Edited by Susan Harris Rimmer and Kate Ogg
Chapter 24: The Maputo Protocol and the reconciliation of gender and culture in Africa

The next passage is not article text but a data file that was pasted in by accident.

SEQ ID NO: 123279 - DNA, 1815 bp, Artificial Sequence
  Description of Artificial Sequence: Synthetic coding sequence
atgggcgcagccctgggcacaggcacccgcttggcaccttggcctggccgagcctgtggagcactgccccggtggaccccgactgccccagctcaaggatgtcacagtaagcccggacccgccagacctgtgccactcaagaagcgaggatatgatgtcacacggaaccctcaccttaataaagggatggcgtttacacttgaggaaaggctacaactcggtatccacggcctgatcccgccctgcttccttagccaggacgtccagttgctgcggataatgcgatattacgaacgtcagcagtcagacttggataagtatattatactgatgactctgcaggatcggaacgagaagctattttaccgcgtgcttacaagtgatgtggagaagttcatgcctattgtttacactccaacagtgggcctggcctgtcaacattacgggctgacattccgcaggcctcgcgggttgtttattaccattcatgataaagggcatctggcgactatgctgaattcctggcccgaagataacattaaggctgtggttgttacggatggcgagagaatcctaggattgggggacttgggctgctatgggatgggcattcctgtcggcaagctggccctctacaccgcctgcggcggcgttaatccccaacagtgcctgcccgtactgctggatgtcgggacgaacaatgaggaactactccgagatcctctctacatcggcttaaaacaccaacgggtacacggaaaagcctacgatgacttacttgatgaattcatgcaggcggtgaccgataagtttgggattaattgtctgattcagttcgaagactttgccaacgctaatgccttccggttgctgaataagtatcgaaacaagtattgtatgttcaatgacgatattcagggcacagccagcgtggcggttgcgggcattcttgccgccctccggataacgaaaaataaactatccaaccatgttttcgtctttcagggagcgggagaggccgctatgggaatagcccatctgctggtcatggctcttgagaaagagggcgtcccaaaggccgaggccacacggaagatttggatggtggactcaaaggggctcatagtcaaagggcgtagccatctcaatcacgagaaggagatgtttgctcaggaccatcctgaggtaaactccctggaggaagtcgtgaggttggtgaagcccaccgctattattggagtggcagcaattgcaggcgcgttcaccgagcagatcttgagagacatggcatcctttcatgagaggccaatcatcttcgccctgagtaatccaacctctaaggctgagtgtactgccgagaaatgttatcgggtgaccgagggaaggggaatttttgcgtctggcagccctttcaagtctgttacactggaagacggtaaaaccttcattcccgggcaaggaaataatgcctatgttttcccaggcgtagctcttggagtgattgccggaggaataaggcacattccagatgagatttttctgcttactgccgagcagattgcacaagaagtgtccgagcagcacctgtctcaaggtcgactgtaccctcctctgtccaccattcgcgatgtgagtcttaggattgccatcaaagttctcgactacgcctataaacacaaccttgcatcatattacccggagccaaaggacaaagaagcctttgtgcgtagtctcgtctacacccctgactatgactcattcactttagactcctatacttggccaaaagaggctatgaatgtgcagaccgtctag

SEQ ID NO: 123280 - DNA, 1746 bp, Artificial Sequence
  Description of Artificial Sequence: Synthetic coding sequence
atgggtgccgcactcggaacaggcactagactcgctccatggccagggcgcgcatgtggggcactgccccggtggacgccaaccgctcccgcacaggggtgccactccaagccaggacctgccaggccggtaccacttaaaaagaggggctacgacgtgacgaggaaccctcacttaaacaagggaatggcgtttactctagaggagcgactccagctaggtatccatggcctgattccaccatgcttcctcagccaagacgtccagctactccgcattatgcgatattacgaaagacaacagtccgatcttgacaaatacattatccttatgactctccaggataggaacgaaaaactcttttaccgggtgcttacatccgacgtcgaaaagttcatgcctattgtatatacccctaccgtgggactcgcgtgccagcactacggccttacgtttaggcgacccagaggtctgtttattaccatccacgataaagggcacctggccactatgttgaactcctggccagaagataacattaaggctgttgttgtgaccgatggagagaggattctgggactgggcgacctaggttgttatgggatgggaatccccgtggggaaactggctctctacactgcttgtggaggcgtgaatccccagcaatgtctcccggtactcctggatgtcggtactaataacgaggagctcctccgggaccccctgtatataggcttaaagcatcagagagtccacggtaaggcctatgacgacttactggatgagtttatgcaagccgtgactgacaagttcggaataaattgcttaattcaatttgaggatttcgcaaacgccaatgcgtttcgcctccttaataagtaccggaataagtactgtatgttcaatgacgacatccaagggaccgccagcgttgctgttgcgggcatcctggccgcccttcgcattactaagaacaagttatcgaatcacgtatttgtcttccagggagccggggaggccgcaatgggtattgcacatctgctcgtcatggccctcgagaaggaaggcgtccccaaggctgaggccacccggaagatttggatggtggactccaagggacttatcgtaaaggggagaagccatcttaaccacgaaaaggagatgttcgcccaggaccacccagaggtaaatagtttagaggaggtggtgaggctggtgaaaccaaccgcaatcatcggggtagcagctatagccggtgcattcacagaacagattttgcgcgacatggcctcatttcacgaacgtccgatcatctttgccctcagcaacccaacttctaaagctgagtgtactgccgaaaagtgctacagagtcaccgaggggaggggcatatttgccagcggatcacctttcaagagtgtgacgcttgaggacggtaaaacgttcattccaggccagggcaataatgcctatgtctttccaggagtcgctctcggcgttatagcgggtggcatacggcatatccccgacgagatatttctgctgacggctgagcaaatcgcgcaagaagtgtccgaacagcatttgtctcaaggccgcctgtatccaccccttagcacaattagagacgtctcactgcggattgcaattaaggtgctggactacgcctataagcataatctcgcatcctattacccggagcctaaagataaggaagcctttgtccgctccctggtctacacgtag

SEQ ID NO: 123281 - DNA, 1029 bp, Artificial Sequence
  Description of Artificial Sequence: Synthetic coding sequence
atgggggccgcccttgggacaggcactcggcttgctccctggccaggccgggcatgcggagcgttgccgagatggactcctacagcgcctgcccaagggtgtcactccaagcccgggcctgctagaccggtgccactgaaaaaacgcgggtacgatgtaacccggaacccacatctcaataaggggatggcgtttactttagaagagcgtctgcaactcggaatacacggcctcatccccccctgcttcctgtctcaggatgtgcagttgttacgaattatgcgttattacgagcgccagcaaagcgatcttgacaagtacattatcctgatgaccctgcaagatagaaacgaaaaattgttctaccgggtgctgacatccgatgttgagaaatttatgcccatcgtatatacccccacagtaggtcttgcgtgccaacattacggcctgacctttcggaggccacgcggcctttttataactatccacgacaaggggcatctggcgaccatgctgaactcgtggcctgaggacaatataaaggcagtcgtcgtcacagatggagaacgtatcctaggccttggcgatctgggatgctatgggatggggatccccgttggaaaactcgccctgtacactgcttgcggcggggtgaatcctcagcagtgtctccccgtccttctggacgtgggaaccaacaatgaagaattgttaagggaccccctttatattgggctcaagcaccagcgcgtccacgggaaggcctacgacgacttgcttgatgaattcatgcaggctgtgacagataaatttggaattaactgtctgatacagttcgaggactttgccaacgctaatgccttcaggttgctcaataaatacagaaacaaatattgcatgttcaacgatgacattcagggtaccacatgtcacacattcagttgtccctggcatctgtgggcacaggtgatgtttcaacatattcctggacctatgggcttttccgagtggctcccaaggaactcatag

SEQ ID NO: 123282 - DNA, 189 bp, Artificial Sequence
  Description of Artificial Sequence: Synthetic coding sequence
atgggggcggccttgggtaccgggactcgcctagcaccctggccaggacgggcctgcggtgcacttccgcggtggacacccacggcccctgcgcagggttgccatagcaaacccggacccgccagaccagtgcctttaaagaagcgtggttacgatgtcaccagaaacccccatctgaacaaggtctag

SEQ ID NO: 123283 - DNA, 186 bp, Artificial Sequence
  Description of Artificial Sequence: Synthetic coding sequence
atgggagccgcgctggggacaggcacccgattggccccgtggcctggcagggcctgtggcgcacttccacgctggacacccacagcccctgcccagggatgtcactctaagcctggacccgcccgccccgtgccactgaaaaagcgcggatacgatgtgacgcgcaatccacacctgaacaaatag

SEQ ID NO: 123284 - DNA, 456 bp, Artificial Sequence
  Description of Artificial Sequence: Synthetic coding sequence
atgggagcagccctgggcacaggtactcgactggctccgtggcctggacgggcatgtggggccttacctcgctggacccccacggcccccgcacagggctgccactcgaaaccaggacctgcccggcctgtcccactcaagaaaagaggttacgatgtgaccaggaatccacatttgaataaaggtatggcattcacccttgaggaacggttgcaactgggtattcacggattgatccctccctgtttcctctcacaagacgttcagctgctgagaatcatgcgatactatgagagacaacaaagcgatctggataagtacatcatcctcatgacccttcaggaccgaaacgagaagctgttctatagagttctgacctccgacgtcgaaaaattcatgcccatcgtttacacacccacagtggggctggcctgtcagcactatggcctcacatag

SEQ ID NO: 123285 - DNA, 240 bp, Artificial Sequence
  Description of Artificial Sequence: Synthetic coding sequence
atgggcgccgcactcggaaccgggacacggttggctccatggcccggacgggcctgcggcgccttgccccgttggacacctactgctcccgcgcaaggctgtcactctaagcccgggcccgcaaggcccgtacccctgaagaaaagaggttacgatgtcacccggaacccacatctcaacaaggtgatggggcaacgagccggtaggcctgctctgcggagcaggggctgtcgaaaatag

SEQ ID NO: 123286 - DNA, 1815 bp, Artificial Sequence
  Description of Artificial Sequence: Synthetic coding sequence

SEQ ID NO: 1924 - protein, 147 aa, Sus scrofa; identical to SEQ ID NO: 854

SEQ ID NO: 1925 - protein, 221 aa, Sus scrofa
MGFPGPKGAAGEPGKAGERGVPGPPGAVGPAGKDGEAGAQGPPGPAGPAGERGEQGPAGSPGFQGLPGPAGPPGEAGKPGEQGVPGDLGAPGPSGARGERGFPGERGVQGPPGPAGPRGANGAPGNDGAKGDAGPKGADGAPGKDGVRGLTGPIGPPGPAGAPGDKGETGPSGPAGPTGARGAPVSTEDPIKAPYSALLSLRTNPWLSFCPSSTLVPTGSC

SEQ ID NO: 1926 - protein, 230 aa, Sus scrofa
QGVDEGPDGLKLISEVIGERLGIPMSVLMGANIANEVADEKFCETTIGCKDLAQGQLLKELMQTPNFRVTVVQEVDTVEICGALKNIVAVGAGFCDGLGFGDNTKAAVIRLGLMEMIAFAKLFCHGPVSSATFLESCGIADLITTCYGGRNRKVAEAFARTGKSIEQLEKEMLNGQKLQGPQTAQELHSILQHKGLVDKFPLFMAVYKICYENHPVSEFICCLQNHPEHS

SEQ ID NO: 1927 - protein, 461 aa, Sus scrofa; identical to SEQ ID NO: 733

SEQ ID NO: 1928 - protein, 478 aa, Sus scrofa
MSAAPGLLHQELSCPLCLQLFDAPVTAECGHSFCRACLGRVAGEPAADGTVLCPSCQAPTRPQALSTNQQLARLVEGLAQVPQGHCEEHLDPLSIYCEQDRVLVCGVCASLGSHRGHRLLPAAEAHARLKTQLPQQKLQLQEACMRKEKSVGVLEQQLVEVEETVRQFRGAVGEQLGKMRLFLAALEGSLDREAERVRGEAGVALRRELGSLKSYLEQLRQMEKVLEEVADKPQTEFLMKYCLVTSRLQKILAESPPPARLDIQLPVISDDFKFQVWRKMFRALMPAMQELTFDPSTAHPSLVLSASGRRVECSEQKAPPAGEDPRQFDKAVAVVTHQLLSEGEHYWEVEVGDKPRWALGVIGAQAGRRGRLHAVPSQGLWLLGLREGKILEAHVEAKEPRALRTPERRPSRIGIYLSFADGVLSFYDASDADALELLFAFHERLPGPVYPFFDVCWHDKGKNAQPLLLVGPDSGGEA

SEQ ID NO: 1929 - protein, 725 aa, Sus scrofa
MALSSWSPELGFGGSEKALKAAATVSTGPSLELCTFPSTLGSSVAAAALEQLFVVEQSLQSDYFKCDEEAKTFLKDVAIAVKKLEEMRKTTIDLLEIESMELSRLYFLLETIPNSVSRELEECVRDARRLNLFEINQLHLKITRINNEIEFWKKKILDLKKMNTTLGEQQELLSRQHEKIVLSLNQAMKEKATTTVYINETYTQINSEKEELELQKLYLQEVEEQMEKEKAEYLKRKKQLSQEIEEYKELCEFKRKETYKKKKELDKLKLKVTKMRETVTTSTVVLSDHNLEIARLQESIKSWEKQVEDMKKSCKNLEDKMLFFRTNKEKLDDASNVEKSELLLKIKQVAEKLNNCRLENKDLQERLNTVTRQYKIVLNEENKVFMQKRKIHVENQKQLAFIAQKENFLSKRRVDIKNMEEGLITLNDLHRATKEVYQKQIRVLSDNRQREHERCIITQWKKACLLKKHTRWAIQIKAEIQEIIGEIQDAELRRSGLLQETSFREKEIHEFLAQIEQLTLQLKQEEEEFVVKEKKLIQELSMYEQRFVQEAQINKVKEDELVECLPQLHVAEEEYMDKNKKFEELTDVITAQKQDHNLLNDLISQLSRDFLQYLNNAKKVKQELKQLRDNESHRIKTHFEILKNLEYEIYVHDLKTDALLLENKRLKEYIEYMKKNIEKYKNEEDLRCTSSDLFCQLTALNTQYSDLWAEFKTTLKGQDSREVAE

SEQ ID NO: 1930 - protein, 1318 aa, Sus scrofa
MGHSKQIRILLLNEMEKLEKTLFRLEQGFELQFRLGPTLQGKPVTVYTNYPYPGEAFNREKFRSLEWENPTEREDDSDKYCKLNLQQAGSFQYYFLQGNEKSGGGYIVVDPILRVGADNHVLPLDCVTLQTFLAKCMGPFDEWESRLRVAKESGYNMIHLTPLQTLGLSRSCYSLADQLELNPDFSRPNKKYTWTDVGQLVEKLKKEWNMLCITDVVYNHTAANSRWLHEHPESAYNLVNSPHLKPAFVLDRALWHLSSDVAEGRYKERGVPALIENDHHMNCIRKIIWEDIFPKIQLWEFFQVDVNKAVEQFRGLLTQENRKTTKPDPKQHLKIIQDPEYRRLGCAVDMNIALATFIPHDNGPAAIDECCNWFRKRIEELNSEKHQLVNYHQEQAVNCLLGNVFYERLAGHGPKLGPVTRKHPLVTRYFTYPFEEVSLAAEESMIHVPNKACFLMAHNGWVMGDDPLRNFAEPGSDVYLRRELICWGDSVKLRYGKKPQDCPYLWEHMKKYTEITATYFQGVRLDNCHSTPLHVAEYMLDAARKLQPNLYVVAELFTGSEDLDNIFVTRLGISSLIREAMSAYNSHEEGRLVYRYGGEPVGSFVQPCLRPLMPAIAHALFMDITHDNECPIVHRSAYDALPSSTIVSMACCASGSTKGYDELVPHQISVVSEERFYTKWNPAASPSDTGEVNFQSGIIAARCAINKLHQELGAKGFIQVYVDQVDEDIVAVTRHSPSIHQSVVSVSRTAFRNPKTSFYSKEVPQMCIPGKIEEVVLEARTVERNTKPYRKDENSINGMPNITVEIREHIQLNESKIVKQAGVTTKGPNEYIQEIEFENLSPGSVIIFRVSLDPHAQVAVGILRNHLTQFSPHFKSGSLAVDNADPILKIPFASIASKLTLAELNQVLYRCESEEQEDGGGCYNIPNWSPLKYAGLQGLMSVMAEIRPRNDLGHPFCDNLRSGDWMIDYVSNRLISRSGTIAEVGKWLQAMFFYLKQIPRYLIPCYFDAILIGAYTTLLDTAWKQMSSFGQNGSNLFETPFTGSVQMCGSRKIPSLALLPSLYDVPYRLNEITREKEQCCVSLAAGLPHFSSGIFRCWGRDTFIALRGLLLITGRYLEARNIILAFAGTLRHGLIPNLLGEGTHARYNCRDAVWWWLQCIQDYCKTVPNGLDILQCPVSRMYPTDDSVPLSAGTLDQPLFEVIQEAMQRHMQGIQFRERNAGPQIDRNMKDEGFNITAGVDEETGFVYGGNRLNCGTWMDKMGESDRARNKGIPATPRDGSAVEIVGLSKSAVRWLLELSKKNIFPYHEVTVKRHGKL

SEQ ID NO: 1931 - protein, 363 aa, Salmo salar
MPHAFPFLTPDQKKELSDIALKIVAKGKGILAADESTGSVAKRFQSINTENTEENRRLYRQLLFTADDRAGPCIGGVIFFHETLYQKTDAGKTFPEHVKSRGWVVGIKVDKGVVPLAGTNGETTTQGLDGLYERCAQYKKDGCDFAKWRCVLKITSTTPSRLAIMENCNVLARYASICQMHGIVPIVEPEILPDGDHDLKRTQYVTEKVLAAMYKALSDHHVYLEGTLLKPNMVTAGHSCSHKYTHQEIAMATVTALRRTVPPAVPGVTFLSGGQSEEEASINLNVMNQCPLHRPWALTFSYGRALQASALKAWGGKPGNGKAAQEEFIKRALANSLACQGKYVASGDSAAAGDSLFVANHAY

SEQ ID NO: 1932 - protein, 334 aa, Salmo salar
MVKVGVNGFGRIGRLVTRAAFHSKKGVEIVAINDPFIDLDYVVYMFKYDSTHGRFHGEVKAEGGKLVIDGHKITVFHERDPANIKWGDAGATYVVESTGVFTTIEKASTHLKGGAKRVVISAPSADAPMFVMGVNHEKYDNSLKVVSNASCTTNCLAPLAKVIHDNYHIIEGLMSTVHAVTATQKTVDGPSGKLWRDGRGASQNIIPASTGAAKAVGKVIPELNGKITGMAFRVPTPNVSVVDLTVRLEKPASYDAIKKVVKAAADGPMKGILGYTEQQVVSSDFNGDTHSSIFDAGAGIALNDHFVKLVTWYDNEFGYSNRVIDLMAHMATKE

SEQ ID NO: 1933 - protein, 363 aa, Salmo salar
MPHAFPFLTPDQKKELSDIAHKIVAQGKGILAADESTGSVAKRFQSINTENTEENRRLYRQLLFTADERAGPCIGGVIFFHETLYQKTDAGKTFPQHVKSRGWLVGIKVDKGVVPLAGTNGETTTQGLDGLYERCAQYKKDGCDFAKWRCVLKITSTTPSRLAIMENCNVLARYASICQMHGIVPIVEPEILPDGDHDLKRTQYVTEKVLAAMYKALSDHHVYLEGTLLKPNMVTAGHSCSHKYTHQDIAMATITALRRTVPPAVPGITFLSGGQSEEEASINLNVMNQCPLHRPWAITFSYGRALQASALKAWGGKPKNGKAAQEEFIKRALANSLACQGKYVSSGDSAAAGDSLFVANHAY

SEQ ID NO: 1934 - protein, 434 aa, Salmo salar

On 11 July 2003 in Maputo, Mozambique, the Assembly of the African Union adopted a protocol to the African Charter on Human and Peoples’ Rights that specifically addresses gender equality. The Protocol on the Rights of Women in Africa supplements the general protections guaranteed under the regional human rights instrument. Through its explicit enumeration of state obligations to comprehensively protect African women from discrimination, the Maputo Protocol, as the document is commonly known, affirms and surpasses the scope of women’s rights as outlined in previous international treaties. The Protocol entered into force on 25 November 2005 after Togo was the 15th country to deposit its instrument of ratification. The purpose of the Protocol is to eliminate discrimination against African women and to provide for wide-ranging social, cultural, political, economic and other general welfare rights. The Protocol is highly progressive and comprehensive in its protections. Though it has great potential, it is certainly not perfect. In the intersection between global standards and local values, one strength of the Protocol is its ability to reconcile culture and broader aspirations of gender equality. The instrument aims to affirm positive cultural values while eradicating harmful traditional practices. In contrast to the idea that human rights are culturally intrusive and foreign to Africa, the Maputo Protocol is an instrument that was created by African women for African women. Therefore, it is a product of African origin with African ownership. Throughout the Protocol, three interrelated themes emerge in the implementation of substantive equality for women, those being: governmental commitment, the interaction between local culture and global norms, and women’s voice and agency. Because the Protocol requires and specifies state action to ensure equality, political will and commitment are absolutely necessary. Therefore, the Protocol will only be as effective as the individuals who advocate for its principles. Where institutions are weak or political will is lacking, continuous activism and advocacy by various stakeholders are necessary to achieve substantive improvement in the lives of African women. This chapter will first discuss the shortcomings and gaps in protection of CEDAW and the African Charter to illustrate the motivating forces behind the creation of the Maputo Protocol as well as the underlying tension between global norms and regional culture. Next, this chapter will explain the impetus for the formation of the Maputo Protocol and provide a sociopolitical background for its drafting. What is highlighted is the fact that the Protocol is the product of regional advocacy by African women to address the needs of African women. The discussion then serves as a form of stocktaking to determine whether the Maputo Protocol is indeed more effective than previous instruments in its protection of the rights and dignity of African women. In this respect, this chapter asks the important question of what the Protocol can and actually does contribute to the implementation of gender equality in Africa. The final section emphasises the need for local activism and advocacy at various levels to implement the protections provided for in the Maputo Protocol. Ultimately, the view adopted is that culture and gender equality are compatible and the empowerment of African women can go far in realising and implementing their human rights.
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